This issue’s Special Section commemorates seventy years of independence and division on the Korean peninsula. We have sorted post-independence Korean literature into the following categories: Postwar and Division Literature; Literature from Industrialization and Democratization to the 1980s; and Post-industrial Literature after the 1990s.
Division, Industrialization, and Democratization
In modern Korean history, 1945 marks liberation from Japanese occupation and division of the country into North and South, thus beginning the “era of division” which casts a shadow over the lives of Koreans to this day. In other words, liberation and division came at the same time, and both were carried out by outside forces. The tragic circumstances of the latter are still ongoing and thus there is no refuting the fact that all Korean literature from 1945 onwards can be called “division era literature.”
Of course, such circumstances, while external to literature, have a major impact within the literary world, and while this year marks a full seven decades since division, in one way or another Korean literature is still burdened with the weight of the wounds inflicted by partition. There are many examples of poets and novelists who, within this difficult historical and social environment, have taken these conditions as subject matter and created incredible works of literature; and indeed this phenomena can be found not only in the literature of Korea but in writing originating from a great many countries. An old Eastern expression conveys this in “the misfortunes of the nation enrich the poet’s art.”
While this expression merely implies respect for the artistic achievement of such literature, the lives of the people from which these works derive cannot have been happy. This becomes even clearer if we consider the following terms used to refer to each stage of Korean literature from 1945 onwards. Literature from the period beginning with liberation to the start of the Korean War in 1950 is “space of liberation literature,” literature from 1950 to the armistice of 1953 is “wartime literature,” and writing from the armistice to the end of the 1950s is “post-war literature.” The ideological opposition between South and North that began during the “space of liberation literature” remained consistent throughout the war and post-war periods.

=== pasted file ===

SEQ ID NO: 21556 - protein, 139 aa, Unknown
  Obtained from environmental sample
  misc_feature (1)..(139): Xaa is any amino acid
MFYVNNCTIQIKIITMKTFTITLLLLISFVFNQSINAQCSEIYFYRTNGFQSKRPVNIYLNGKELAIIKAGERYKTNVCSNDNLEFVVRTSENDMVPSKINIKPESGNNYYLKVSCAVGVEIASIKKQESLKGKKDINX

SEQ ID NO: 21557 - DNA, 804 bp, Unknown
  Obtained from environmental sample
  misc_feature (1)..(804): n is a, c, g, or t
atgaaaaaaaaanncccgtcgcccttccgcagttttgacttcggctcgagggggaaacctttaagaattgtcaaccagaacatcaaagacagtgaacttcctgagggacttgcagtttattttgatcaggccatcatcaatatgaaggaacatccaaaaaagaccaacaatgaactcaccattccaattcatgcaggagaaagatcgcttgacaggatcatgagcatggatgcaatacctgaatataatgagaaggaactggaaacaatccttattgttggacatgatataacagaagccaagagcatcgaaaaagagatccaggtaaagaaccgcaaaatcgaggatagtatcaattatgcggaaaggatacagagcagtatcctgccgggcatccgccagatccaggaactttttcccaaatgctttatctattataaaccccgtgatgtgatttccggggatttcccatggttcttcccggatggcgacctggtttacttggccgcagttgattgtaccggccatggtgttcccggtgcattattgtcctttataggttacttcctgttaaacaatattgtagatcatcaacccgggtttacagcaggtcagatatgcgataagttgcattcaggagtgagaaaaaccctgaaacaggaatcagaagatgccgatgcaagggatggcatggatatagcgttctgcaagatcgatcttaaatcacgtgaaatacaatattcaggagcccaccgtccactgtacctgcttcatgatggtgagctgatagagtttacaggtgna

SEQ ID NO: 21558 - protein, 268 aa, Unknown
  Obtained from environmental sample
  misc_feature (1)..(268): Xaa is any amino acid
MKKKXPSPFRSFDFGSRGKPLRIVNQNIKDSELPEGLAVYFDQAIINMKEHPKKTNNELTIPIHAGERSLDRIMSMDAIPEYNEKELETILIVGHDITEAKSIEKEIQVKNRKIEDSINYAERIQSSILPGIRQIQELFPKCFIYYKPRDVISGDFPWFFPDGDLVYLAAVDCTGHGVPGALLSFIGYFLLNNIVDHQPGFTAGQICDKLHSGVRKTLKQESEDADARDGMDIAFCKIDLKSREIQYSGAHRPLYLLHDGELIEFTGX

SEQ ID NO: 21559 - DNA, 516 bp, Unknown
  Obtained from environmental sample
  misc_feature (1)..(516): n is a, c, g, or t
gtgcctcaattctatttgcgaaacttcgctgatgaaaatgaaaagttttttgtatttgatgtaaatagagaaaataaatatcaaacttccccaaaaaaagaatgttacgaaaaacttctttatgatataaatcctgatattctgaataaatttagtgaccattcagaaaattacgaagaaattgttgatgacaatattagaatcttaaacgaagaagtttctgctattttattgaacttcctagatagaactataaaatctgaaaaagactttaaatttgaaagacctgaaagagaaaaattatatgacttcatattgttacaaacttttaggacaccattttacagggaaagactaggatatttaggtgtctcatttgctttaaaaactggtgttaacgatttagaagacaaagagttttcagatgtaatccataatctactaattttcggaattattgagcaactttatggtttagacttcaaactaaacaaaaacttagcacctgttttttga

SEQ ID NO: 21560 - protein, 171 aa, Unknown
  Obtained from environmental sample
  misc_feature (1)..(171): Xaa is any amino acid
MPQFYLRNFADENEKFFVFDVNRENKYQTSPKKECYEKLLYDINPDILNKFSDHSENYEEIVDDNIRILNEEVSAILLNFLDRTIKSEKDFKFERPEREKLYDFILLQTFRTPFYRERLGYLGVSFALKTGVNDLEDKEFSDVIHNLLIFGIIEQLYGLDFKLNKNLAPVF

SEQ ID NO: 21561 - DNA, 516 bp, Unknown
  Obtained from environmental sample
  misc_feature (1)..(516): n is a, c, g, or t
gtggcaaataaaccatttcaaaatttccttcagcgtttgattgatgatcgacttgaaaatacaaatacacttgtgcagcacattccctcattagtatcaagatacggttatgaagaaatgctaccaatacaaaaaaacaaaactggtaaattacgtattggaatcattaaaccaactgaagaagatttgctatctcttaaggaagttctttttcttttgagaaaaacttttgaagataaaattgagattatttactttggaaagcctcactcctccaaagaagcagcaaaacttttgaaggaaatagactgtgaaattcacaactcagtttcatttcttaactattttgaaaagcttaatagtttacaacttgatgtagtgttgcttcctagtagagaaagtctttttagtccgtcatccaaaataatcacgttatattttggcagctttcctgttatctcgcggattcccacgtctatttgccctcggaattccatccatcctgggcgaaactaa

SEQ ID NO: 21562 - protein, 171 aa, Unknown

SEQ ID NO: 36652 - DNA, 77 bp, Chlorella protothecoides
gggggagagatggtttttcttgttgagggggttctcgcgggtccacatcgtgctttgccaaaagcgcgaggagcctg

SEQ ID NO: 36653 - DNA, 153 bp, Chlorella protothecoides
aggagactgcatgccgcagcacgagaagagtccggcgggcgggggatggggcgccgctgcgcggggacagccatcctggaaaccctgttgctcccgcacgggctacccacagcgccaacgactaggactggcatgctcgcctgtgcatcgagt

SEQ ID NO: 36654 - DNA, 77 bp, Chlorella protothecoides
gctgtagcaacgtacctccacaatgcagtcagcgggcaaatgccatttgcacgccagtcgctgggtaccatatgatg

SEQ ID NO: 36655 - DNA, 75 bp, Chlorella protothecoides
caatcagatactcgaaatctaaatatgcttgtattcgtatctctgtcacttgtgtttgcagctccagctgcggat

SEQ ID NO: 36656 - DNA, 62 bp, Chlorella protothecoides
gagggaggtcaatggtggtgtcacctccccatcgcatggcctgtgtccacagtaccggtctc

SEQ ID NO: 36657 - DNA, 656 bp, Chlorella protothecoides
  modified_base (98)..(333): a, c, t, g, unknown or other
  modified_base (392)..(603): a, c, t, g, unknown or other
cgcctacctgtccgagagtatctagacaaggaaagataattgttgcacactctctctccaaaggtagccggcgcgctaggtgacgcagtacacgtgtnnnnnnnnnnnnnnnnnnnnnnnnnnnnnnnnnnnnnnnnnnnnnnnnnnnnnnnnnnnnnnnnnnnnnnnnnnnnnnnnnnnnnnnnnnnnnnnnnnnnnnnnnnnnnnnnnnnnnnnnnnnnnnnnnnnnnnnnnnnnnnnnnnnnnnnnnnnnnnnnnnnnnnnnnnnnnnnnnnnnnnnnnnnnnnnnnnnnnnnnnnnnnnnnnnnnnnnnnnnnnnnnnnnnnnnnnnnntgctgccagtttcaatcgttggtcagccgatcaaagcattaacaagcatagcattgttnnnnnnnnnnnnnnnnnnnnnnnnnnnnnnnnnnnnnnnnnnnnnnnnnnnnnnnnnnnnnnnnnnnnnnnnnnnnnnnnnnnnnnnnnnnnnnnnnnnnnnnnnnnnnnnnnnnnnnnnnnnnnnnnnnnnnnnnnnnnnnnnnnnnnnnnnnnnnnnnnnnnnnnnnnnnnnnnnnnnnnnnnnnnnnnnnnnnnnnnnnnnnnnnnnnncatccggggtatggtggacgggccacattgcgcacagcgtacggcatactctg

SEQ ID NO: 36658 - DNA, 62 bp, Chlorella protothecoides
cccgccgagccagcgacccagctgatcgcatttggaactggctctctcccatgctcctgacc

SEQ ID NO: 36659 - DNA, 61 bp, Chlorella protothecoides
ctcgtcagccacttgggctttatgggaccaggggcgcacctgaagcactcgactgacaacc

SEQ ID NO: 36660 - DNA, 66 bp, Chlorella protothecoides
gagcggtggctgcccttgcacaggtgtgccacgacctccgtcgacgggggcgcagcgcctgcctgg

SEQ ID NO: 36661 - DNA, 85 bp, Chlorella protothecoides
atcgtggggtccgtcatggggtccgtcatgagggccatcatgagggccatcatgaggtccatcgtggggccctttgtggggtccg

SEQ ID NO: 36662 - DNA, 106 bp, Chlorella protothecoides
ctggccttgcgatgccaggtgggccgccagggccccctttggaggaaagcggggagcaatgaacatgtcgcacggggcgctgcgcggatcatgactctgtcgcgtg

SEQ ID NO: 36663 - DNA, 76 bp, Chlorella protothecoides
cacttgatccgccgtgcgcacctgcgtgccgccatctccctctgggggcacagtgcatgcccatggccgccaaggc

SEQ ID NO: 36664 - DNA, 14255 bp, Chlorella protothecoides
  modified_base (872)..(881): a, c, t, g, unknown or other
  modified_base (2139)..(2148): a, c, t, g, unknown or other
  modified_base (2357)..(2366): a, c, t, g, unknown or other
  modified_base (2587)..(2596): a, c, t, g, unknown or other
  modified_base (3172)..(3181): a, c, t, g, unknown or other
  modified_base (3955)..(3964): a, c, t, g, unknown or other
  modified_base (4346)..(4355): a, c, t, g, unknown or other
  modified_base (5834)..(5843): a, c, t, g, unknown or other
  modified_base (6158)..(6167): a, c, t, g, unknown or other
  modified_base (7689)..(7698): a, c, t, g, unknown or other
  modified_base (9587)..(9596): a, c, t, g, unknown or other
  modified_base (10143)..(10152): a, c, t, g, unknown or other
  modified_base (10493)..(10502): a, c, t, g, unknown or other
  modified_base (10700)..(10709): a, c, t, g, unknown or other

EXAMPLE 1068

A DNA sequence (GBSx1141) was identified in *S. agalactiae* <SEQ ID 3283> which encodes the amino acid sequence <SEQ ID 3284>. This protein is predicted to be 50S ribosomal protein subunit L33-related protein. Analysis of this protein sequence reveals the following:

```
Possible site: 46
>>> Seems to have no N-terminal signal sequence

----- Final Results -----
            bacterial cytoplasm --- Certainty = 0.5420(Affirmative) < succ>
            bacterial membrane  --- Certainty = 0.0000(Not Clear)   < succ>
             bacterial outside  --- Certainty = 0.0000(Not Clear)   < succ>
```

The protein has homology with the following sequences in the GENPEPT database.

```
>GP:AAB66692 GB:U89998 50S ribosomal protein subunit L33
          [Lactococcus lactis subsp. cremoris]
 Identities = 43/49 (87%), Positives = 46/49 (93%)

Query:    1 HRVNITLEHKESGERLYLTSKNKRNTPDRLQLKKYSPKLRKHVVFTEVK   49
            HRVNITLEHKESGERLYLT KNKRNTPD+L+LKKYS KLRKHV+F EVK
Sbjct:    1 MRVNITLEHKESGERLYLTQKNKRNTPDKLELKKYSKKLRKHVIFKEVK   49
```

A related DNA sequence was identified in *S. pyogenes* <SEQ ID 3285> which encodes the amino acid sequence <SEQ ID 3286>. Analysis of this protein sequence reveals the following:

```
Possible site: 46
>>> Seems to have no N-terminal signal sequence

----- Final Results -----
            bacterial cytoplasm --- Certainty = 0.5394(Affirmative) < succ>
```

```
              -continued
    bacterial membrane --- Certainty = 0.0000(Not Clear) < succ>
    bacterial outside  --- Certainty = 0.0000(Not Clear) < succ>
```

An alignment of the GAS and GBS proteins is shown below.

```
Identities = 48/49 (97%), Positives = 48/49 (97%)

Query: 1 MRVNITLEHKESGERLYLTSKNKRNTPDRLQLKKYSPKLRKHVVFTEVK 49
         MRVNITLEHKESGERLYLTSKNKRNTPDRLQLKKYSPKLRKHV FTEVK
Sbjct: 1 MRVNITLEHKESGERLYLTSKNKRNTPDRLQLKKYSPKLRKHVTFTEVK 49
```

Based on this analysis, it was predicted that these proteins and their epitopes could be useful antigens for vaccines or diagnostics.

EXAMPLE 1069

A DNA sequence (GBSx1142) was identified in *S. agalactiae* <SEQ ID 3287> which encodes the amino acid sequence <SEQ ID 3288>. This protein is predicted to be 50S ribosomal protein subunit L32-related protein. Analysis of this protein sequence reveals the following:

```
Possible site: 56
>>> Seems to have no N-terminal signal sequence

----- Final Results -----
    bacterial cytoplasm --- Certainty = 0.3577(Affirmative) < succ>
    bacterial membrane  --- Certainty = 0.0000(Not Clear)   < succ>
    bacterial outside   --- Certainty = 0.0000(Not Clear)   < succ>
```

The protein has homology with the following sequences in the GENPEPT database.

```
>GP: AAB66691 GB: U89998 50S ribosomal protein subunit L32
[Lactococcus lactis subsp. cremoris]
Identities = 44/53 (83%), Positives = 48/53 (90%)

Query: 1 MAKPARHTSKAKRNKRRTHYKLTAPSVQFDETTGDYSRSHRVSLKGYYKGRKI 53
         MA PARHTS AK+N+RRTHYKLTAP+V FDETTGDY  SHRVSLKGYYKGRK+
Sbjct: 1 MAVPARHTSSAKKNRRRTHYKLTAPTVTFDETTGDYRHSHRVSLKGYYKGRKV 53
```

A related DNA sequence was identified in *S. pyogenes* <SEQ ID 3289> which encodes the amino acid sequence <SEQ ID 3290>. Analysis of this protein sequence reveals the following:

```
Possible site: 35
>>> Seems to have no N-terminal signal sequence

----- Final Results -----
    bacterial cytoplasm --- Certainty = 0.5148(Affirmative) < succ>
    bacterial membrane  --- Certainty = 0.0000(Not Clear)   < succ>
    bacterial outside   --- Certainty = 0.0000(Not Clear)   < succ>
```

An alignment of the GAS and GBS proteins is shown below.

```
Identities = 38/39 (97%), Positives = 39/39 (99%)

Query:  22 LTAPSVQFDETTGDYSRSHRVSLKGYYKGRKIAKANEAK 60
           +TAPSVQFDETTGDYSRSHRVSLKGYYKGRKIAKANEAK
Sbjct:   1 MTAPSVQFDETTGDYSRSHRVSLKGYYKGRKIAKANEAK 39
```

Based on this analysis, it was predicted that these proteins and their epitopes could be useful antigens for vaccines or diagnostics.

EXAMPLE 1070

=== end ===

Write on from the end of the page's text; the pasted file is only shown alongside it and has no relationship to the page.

To be sure, in post-war literature there are many works that were engrossed in the need to depict the immediate task of their characters as one of survival, and to portray the defeat and defiance of the masses in the context of the social reality of confusion and devastation. However, it cannot be denied that such descriptions and depictions of the cruel realities of the day mirrored those that recounted the turbulent times of the division era. On top of this, the severing of north and south along the border meant that citizens could no longer go back and forth, creating a new realm of literature by writers who had fled the North and settled in the South.
As a leading writer of division literature, Hwang Sun-Won depicted his own experiences with North Korean society and post-war South Korea in his novel The Descendants of Cain. In addition, his Trees on a Slope presents the lives of young people trying to deal with the war and cope in the destruction of its aftermath. Writers who presented the immense suffering of the late 1950s in particularly sharp detail include Son Chang-sop and Chang Yong-hak, while writers such as Choi In-hun and Lee Ho-cheol presented the same subject matter anew in the context of the relationship between North and South. At the same time, among the female writers who described such circumstances with a heightened sensitivity, Choe Chung-Hui and Pak Kyongni have come to be seen as the leading lights of the era.